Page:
That Problematic Word, "Beauty" / by Jeannine Cook

I was preparing an artist's statement for a submission for my art to be considered today, and found myself - again! - referring to the concept of nature's beauty being an inspiration and an aid to people finding serenity. I find it endlessly interesting to see how and why people talk of beauty, in any form.

Roger Scruton, in his 2009 book, "Beauty", writes: "The judgement of beauty ... is not merely a statement of preference. It demands an act of attention. Less important than the final verdict is the attempt to show what is right, fitting, worthwhile, attractive or expressive in the object; in other words, to identify the aspect of the thing that claims our attention." He inveighs against kitsch and the seemingly prevailing ethos that allows us often to live in denial of any sacrifices, any effort to cater to our higher nature, an attempt "to affirm that other kingdom in which moral and spiritual order prevails."

I think that most of the artists I personally know are indeed seeking, consciously or not, to show what is "right, fitting, worthwhile, attractive or expressive" in the subject matter they are depicting. The way they depict the material is almost secondary. Certainly I find myself captured by the beauty of nature as I experience it here in coastal Georgia or in parts of Europe that I know. Working plein air, I find that I round a corner and see something that stops me in my tracks, saying insistently, "Pay attention to me, I am important"... Often, later, I realise I was drawn by a form of beauty, some elegant shape or intricacy, or an example of something noteworthy, such as the endurance of a tree against all odds. That subtle dialogue is unfathomable to me, but it surely exists. One knows instinctively that the beauty one is seeing is of value for its own sake, taking one into a realm that is almost deliciously childlike, where imagination and serendipity can reign. Once the technical considerations of how to tackle the painting or drawing are finished, I find I can stop thinking consciously and just ... do.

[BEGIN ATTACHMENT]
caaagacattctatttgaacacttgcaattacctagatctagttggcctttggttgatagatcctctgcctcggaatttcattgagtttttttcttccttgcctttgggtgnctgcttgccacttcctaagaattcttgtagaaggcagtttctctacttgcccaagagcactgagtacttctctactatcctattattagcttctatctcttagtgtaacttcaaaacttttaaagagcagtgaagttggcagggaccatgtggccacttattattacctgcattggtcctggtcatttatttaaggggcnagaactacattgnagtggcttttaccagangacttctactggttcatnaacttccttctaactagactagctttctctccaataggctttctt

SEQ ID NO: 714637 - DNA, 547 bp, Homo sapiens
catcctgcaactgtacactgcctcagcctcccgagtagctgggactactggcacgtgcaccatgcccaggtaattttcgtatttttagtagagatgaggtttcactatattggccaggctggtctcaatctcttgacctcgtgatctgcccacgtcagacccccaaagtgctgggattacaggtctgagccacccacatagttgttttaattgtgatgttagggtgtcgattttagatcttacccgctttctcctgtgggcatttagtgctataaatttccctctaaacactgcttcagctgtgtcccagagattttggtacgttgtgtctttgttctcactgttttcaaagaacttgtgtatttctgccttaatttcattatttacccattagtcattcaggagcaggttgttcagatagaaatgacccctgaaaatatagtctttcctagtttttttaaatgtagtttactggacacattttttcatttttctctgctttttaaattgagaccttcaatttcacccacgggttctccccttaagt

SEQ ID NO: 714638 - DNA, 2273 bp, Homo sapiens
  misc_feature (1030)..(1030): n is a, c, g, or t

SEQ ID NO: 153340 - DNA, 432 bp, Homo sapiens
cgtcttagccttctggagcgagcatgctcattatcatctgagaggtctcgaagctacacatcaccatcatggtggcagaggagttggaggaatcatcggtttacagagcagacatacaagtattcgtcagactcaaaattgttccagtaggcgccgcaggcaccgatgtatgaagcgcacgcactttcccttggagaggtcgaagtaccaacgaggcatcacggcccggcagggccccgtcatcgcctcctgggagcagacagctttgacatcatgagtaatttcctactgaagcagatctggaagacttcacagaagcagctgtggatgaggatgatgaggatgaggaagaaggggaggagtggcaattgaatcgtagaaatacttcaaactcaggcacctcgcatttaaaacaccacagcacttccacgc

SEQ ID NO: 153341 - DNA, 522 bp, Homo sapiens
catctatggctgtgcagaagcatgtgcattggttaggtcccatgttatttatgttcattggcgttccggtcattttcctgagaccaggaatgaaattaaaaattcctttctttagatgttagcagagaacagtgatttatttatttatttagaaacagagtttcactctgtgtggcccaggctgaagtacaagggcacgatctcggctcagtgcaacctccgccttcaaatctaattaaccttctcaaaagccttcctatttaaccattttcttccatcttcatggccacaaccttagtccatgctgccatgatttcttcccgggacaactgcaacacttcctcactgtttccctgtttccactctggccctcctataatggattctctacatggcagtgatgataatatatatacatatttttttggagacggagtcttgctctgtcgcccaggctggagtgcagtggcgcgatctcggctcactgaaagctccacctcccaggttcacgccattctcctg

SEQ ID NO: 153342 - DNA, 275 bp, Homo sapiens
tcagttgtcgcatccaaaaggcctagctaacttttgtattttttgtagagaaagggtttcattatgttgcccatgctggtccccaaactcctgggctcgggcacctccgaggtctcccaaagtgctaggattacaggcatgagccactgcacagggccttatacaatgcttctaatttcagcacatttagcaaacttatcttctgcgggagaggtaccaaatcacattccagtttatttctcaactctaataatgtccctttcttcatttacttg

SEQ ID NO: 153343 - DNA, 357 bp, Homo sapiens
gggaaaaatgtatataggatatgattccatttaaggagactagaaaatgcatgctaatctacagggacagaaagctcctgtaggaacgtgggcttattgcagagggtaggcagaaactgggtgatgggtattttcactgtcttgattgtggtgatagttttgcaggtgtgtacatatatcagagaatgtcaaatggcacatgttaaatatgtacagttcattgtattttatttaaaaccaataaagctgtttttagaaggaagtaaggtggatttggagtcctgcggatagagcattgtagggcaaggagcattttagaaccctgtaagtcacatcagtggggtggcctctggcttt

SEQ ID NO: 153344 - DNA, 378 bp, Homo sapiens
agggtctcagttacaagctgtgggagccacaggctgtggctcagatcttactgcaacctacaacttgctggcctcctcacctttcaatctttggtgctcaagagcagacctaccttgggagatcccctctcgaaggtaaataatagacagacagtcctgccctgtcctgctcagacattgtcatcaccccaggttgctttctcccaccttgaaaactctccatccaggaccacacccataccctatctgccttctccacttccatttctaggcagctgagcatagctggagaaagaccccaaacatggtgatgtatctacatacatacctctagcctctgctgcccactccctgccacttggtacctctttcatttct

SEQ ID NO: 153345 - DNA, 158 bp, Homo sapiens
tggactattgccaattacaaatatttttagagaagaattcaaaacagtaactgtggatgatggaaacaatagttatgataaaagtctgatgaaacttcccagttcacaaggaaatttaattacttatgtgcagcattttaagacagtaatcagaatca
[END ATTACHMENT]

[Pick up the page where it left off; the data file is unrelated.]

The other mysterious aspect of this dialogue is that later, other people frequently respond to the image I created. Somehow, if one is fortunate, one has tapped into something greater than oneself, into the realm of the beautiful, the worthwhile.